- Ginko Biloba has been studied but the results vary from being useful in the prevention and treatment of altitude sickness to not being effective at all. If you decide to supplement with Ginko Biloba, it is advised to start taking it some time before leaving and to also seek professional guidance on it’s use and dosage.
- Vitamin-B complex to maintain and preserve normal nerve function and energy metabolism.
Preparation for high altitude trekking: En-route to destination
Now the day has arrived to leave for the trip you’ve worked so hard on to go, not just physically but financially as well. The excitement starts to build and you can’t wait to arrive and explore the area before you start. If you follow these steps once arriving it will help tremendously in the days to come.
- Sleep, get plenty of it. Try to arrive at least 2 days before your trip. As with international travel, our “clocks” are thrown out and we have trouble sleeping and getting enough rest. We also have this want to go and explore. Rather take 2 days to sleep as tiredness and dehydration increase your risk of developing altitude sickness. This will also allow your body to become more accustomed to the new surroundings and undergo the necessary changes in a more relaxed state, rather than while being exerted.
- Avoid the use of sleeping pills, tranquilizers, alcohol, tobacco or any depressant drugs as they lower your respiration during sleep. This will worsen any symptoms you may experience at altitude and they can also inhibit the acclimatization process.
- Keep hydrated
- If you experience any new symptoms once arriving at altitude, you can begin your course of medications to alleviate the symptoms. These would include:
- Acetaolamide, which is diuretic causing increased urination (NB – Keep hydrated) and has also been shown to improve respiratory ventilation therefore allowing increased oxygen exchange within the body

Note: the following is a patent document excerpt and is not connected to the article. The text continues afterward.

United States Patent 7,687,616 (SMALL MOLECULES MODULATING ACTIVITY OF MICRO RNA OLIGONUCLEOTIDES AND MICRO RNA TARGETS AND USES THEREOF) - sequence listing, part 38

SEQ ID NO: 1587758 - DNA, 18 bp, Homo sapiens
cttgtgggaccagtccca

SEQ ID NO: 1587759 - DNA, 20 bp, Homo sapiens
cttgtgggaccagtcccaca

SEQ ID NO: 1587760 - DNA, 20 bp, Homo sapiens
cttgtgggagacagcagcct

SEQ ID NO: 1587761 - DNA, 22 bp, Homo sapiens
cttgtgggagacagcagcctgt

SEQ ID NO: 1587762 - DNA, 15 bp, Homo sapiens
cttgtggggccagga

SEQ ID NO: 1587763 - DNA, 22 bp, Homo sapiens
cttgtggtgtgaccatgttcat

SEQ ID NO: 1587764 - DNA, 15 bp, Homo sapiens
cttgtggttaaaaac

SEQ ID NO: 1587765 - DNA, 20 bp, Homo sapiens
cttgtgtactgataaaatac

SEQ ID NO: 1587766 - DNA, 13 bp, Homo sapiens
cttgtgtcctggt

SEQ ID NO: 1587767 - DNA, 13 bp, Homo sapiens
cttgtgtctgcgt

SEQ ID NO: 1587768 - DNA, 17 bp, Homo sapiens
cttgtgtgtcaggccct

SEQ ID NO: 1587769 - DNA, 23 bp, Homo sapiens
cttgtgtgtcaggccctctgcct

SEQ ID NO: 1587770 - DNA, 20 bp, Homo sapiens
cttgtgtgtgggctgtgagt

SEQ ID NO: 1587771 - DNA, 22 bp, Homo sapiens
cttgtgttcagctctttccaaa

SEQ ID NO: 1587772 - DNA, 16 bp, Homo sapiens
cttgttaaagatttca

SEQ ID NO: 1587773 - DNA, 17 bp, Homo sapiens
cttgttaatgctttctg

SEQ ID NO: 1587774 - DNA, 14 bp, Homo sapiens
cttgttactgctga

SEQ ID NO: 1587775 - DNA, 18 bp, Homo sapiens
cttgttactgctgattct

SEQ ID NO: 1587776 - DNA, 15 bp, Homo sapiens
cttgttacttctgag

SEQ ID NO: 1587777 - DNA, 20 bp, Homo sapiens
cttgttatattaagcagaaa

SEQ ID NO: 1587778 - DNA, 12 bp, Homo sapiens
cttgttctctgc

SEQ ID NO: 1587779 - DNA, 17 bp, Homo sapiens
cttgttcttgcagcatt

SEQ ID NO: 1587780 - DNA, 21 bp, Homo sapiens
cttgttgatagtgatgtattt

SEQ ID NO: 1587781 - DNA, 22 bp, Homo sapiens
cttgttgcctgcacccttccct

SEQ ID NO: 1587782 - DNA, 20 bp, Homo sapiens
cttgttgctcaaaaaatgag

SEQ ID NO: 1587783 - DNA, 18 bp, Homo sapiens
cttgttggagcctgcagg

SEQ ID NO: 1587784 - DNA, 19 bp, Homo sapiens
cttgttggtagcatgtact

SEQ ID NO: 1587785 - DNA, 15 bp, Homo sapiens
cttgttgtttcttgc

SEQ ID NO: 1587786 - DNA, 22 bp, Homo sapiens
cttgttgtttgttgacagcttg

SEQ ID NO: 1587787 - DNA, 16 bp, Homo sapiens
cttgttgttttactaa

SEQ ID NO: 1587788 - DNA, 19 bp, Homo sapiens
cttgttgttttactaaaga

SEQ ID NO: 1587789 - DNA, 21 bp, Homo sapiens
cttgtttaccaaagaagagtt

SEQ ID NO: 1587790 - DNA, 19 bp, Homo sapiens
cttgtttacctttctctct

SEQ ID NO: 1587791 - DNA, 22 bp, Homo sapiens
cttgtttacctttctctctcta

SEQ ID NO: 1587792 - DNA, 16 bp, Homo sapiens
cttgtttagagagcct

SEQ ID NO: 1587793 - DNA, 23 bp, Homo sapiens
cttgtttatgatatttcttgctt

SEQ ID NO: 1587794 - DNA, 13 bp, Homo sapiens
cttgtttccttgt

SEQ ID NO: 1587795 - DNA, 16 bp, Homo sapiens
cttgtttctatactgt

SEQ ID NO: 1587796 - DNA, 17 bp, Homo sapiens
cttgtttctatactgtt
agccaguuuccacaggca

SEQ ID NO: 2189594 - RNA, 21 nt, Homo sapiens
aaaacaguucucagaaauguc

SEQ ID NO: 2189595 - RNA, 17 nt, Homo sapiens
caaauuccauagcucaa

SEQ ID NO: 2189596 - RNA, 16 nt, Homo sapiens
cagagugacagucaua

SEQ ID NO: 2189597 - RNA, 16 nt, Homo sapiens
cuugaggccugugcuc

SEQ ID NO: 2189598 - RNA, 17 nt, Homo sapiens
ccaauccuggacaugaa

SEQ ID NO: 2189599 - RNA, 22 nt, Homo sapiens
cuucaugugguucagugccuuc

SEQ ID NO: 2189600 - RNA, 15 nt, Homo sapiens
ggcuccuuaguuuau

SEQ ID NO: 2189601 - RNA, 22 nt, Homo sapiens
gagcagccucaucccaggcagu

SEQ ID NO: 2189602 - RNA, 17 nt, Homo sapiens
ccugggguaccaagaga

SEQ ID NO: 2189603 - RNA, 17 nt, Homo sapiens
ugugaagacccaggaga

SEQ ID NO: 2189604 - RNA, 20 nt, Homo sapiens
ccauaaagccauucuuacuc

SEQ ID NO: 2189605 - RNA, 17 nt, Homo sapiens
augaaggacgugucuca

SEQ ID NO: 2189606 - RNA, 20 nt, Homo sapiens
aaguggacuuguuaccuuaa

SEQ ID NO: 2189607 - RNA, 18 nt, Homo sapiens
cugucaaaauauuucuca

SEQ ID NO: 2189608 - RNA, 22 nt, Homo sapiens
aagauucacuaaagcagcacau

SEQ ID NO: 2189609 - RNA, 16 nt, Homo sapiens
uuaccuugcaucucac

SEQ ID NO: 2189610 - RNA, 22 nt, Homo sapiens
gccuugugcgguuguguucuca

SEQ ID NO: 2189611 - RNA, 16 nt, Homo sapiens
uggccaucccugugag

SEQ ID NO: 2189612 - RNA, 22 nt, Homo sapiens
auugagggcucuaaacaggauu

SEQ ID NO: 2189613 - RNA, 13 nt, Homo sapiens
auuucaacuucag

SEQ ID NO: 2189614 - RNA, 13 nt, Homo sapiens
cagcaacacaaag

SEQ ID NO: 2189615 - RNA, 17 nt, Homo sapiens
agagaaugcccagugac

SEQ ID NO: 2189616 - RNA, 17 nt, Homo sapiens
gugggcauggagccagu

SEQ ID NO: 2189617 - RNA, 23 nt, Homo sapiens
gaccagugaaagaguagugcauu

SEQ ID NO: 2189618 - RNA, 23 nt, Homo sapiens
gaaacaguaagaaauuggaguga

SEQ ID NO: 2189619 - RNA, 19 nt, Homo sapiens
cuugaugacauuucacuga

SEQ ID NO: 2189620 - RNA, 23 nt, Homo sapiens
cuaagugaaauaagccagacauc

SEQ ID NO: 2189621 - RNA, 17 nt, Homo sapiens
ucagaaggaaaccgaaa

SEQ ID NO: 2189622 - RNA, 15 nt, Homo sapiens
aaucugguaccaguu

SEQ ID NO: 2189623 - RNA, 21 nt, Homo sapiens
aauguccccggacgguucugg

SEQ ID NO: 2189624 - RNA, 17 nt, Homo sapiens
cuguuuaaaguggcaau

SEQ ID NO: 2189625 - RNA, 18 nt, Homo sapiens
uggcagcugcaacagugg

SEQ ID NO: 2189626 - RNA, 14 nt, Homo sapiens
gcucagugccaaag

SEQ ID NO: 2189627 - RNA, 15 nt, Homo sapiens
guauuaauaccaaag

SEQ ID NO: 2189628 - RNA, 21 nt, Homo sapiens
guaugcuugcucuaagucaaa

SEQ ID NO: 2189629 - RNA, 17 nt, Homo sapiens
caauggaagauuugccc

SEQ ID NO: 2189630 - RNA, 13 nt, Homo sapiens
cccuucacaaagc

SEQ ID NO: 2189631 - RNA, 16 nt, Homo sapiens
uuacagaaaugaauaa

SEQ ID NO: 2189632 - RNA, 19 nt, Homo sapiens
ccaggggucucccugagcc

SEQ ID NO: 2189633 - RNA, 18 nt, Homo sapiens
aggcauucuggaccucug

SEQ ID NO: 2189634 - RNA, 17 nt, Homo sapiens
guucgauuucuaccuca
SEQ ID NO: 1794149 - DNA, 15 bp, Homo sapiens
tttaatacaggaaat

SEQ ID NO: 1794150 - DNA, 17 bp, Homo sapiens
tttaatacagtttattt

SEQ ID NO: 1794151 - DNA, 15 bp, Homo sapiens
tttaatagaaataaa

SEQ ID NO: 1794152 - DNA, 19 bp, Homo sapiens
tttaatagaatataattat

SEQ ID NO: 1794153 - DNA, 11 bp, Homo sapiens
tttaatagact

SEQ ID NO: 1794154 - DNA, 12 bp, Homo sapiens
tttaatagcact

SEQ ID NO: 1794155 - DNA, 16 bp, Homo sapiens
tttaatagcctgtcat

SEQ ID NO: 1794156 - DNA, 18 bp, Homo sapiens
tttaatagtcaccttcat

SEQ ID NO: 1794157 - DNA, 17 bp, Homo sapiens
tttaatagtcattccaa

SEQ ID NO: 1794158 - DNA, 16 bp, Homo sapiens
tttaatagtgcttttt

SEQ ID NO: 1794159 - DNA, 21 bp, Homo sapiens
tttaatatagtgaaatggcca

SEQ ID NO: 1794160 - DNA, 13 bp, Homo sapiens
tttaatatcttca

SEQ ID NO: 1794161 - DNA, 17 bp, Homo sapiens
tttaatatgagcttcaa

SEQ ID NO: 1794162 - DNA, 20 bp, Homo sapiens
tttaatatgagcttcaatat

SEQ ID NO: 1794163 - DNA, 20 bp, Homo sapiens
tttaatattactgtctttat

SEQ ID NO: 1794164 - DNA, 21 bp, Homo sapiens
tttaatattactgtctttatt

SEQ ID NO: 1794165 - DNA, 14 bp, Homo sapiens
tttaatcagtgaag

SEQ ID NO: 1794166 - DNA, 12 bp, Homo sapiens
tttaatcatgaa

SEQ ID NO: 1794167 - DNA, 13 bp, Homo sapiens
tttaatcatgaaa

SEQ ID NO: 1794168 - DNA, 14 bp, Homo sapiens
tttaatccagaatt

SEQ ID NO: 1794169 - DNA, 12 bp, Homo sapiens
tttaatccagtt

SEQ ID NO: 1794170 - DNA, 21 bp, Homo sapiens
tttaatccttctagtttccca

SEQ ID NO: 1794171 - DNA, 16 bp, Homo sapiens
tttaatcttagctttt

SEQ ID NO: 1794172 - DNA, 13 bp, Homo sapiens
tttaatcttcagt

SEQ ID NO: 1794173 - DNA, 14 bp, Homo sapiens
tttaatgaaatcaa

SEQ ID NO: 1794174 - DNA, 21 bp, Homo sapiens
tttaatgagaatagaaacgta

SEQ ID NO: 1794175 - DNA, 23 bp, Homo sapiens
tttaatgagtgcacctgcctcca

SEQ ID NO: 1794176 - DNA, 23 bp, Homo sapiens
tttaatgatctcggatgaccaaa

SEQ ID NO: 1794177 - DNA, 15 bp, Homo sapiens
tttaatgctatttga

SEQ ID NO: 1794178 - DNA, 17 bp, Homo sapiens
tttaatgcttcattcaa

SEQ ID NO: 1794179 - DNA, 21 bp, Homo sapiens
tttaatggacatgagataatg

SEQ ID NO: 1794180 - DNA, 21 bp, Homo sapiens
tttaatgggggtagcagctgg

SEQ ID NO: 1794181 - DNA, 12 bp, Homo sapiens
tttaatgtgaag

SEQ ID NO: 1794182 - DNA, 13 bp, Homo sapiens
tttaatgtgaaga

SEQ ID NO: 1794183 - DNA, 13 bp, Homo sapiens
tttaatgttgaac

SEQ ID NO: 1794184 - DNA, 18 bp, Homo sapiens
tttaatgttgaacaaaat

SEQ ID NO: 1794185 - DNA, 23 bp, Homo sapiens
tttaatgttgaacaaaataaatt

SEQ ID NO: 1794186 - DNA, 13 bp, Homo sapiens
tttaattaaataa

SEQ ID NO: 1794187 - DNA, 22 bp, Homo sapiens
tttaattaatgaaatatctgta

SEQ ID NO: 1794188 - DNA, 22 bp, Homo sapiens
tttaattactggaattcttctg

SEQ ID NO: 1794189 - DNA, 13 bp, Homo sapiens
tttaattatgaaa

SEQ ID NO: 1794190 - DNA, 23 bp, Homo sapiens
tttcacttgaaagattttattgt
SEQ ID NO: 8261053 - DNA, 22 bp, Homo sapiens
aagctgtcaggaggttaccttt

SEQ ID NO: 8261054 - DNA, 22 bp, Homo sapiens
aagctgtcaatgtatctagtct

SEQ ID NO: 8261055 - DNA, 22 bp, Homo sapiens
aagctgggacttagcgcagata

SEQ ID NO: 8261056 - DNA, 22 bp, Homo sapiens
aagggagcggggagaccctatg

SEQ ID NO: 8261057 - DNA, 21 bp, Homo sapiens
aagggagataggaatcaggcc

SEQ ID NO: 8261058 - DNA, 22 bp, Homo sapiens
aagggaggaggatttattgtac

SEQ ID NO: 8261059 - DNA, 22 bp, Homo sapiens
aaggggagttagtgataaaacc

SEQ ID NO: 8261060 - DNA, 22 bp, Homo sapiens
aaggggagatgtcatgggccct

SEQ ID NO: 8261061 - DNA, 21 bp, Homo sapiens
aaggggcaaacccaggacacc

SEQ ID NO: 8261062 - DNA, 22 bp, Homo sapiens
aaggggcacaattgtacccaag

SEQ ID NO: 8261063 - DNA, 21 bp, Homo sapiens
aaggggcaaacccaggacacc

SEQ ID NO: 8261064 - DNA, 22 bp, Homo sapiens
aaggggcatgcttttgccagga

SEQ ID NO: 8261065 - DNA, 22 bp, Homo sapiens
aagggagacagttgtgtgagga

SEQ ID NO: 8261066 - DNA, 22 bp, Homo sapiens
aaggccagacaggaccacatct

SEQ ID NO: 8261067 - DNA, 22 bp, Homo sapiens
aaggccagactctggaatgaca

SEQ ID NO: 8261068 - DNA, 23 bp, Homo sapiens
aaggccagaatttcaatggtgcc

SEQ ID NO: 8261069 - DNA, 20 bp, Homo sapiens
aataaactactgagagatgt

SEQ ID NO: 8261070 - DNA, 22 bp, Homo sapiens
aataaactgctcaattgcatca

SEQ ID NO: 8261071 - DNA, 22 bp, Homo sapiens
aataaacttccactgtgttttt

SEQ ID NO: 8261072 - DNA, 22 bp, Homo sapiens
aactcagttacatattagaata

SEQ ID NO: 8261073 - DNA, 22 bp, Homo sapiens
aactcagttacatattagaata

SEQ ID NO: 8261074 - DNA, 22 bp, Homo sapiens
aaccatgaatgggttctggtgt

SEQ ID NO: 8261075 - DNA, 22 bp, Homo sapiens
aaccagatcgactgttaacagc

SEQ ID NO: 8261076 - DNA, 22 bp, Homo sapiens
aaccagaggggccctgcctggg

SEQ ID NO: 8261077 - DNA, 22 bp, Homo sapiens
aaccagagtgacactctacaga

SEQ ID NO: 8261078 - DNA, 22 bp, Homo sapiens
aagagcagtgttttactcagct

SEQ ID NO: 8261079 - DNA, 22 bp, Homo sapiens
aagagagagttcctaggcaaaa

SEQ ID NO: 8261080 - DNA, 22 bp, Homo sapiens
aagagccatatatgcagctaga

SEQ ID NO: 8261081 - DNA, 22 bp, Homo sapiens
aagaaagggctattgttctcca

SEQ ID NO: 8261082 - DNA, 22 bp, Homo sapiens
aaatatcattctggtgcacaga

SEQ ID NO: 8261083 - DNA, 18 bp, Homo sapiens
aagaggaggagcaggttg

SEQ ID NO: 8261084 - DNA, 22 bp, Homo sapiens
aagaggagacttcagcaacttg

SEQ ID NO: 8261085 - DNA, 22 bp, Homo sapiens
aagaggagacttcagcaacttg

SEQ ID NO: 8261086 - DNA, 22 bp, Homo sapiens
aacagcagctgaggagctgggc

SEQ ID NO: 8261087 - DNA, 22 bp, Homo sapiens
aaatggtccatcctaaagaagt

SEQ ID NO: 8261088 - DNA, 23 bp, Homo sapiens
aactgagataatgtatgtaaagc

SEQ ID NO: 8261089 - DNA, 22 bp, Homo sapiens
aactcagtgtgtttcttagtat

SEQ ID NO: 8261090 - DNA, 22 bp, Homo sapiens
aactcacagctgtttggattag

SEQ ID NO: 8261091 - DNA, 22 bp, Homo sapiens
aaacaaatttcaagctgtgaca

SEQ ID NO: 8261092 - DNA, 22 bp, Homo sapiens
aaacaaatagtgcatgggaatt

- Dexamethasone is given to reduce the incidence and severity of AMS
- Coca leaves are used by the people in Central and South America to prevent mountain sickness. Studies have also indicated that coca improves physical performance at high altitudes. There is a catch though: as little as one cup of tea made from coca leaves may give a positive result on a cocaine drug test.
Preparation for high altitude trekking: On the Mountain
You’re on your adventure and steadily making your way up the mountain. Everything is going great. The scenery is majestic, the preparation has paid off because you’re feeling great and you’re keeping yourself hydrated and to you everything is going great. While you should enjoy every moment of it, there are a few additional things to keep in mind.
- Keep track of your symptoms for any progression in them or the appearance of anything new. As soon as something new pops up, or you feel yourself getting worse, speak to the healthcare professional on hand for assistance.
- Eat appropriately, mainly consume carbohydrates. This can be done also leading up to the first day. Diets high in carbohydrates have shown to relieve AMS symptoms as well as improve performance and mood. Numerous studies have shown that carbs improve oxygen saturation in the blood and balance your energy.
- Avoid salt as it can cause dehydration
- Take it easy at first, go for a steady, light pace so you can settle in and find a rhythm best suited for you.
- Sleep in an upright position as this will make your head feel lighter.
These are just few tips on how to acclimatize and prepare yourself for the journey ahead and to make the most of the experience. If at any stage during the trip you have questions, do not hesitate to ask anyone in charge or the medical professional on hand.